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Editorial: A mental health program worth preserving

New Hampshire’s transition to Medicaid managed care from the old fee-for-service model of health care for low-income residents has been delayed, but change is coming. Weeks or months from now, Medicaid recipients will have to choose which of three managed care companies offers the plan that best meets their needs. Uncertainty, however, particularly for Medicaid recipients with a disability or a mental illness, remains.

Does the managed-care model, in which a company is paid a flat fee to try to keep a person healthy and treat them when ill, work for patients with complex and chronic needs? Will the 20-percent savings the state hopes to achieve come from a reduction in services and at the expense of care for fragile populations? Will managed-care companies consider some existing services medically unnecessary and refuse to pay for them? That fear was expressed around the table during a meeting that included the Monitor editorial board and clients and staff of Step Up, a therapeutic day program run by Riverbend, the community mental health center that serves Merrimack County.

It would be not just costly but cruel to kill a program that one person after another credited with preventing their return to the state psychiatric hospital and even keeping them alive. In two three-hour sessions each weekday, Step Up provides a meal, counseling, peer support and a non-judgmental place to go where people are accepted for who they are. With astounding openness, clients described their illness, how it affected them, and how Step Up helped them get by. They described their fellow Riverbend clients as “family,” in some cases as the only family they have.

Step Up, which for now operates out of the old gas station on South Main Street that was once home to the Penny Pitou Travel Agency, helps people remain in the community. Its small trained staff helps clients manage their illness and remain out of jail or the state hospital. The activities, which go far beyond the arts and crafts activities associated with similar day programs, teach techniques that help people control their temper, climb out of depression and reinforce positive behavior patterns.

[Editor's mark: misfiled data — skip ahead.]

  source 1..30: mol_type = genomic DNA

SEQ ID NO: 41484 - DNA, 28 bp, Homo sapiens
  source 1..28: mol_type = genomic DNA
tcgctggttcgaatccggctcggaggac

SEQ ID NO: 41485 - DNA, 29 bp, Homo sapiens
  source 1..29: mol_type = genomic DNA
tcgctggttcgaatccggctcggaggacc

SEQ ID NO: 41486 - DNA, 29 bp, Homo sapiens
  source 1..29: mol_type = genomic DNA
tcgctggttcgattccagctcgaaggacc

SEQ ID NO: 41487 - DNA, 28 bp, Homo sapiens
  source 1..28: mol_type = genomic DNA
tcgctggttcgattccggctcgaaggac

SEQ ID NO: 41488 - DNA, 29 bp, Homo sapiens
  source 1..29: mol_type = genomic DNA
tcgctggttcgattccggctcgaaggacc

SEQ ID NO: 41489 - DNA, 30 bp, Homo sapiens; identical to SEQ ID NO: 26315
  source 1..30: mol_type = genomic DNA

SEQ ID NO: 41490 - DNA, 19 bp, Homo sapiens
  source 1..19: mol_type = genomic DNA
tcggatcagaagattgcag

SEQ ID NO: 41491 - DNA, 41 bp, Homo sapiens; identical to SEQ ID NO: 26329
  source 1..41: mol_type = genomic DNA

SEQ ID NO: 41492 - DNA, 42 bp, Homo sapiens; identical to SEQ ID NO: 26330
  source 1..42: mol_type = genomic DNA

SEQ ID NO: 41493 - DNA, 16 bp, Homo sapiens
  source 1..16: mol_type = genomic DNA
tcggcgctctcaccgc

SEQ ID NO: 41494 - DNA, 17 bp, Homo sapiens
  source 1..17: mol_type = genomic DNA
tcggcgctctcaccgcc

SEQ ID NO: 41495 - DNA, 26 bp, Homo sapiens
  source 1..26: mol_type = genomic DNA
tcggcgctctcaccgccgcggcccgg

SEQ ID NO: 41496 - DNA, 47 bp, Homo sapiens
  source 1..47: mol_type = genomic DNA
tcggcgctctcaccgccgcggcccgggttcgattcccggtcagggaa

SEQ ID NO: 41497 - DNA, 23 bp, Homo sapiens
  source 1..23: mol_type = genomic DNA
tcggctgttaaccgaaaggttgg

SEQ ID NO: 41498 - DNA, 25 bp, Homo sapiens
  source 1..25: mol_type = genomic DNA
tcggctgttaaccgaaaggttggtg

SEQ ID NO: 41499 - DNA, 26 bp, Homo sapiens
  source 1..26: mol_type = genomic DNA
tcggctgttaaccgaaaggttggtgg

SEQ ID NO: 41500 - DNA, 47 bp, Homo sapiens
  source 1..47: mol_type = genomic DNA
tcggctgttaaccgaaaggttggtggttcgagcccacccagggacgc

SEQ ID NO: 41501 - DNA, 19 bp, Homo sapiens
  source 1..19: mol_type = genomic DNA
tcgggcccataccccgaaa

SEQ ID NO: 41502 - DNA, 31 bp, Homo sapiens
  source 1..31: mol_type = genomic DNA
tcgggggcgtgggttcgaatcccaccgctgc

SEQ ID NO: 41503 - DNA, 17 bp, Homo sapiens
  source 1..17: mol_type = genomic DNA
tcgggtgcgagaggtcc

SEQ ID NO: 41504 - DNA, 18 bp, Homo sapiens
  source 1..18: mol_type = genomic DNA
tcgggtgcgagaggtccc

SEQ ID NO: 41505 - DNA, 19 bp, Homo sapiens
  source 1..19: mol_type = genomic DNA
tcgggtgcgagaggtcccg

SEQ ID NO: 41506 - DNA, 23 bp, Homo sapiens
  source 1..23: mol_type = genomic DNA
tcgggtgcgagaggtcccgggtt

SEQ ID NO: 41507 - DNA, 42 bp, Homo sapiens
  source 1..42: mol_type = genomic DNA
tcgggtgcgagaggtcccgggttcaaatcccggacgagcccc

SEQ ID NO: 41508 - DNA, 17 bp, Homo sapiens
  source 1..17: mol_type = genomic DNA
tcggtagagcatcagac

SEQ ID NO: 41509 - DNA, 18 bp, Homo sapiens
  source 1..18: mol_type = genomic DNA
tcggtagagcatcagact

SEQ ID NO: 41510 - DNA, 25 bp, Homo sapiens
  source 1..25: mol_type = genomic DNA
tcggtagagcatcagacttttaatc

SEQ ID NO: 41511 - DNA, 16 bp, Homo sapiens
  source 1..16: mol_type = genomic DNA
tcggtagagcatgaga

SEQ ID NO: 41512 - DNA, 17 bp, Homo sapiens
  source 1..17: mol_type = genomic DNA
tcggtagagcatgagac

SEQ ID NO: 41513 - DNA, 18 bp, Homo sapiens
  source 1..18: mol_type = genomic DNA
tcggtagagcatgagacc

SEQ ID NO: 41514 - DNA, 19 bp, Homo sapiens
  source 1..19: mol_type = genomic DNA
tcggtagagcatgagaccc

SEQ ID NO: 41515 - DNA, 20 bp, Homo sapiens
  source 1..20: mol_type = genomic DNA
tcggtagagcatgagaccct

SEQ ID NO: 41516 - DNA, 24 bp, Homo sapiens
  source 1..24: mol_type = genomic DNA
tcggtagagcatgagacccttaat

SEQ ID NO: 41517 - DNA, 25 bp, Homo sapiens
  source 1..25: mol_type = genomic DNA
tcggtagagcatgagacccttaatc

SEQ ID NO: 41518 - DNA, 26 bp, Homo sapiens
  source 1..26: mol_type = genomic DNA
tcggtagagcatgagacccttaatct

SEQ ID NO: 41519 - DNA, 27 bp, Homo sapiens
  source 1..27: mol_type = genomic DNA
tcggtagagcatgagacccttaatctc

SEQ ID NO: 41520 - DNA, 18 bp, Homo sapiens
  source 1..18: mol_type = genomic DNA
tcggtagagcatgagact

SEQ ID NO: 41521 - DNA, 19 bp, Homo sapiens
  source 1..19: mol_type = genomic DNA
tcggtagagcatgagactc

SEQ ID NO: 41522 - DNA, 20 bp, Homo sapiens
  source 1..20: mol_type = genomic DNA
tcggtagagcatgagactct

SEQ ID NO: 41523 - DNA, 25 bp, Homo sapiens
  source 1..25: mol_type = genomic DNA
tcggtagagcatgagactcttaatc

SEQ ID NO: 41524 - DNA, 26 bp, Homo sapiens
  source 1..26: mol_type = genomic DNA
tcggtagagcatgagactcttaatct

Step Up has an annual budget of $532,000. The program, which next year will move to a building Riverbend owns on the Heights, serves clients for an average cost of $72.19 per day. That’s a bargain compared to the $200 per day it costs to care for someone in a residential outpatient setting or the roughly $1,000 per-day cost of the state hospital. It’s a bargain that increases the confidence of people with a mental illness, preserves their independence and allows them to live happier lives.

We don’t know the fine points of the state’s contract with the for-profit managed care companies, or how they will view programs like Step Up. Since taking a short-term view of such services will cost them economically in the long run, we’re optimistic that the companies will contract with Riverbend to continue to provide them. But if they don’t, the state will have to find bridge funding to keep Step Up running until the contracts can be revised.

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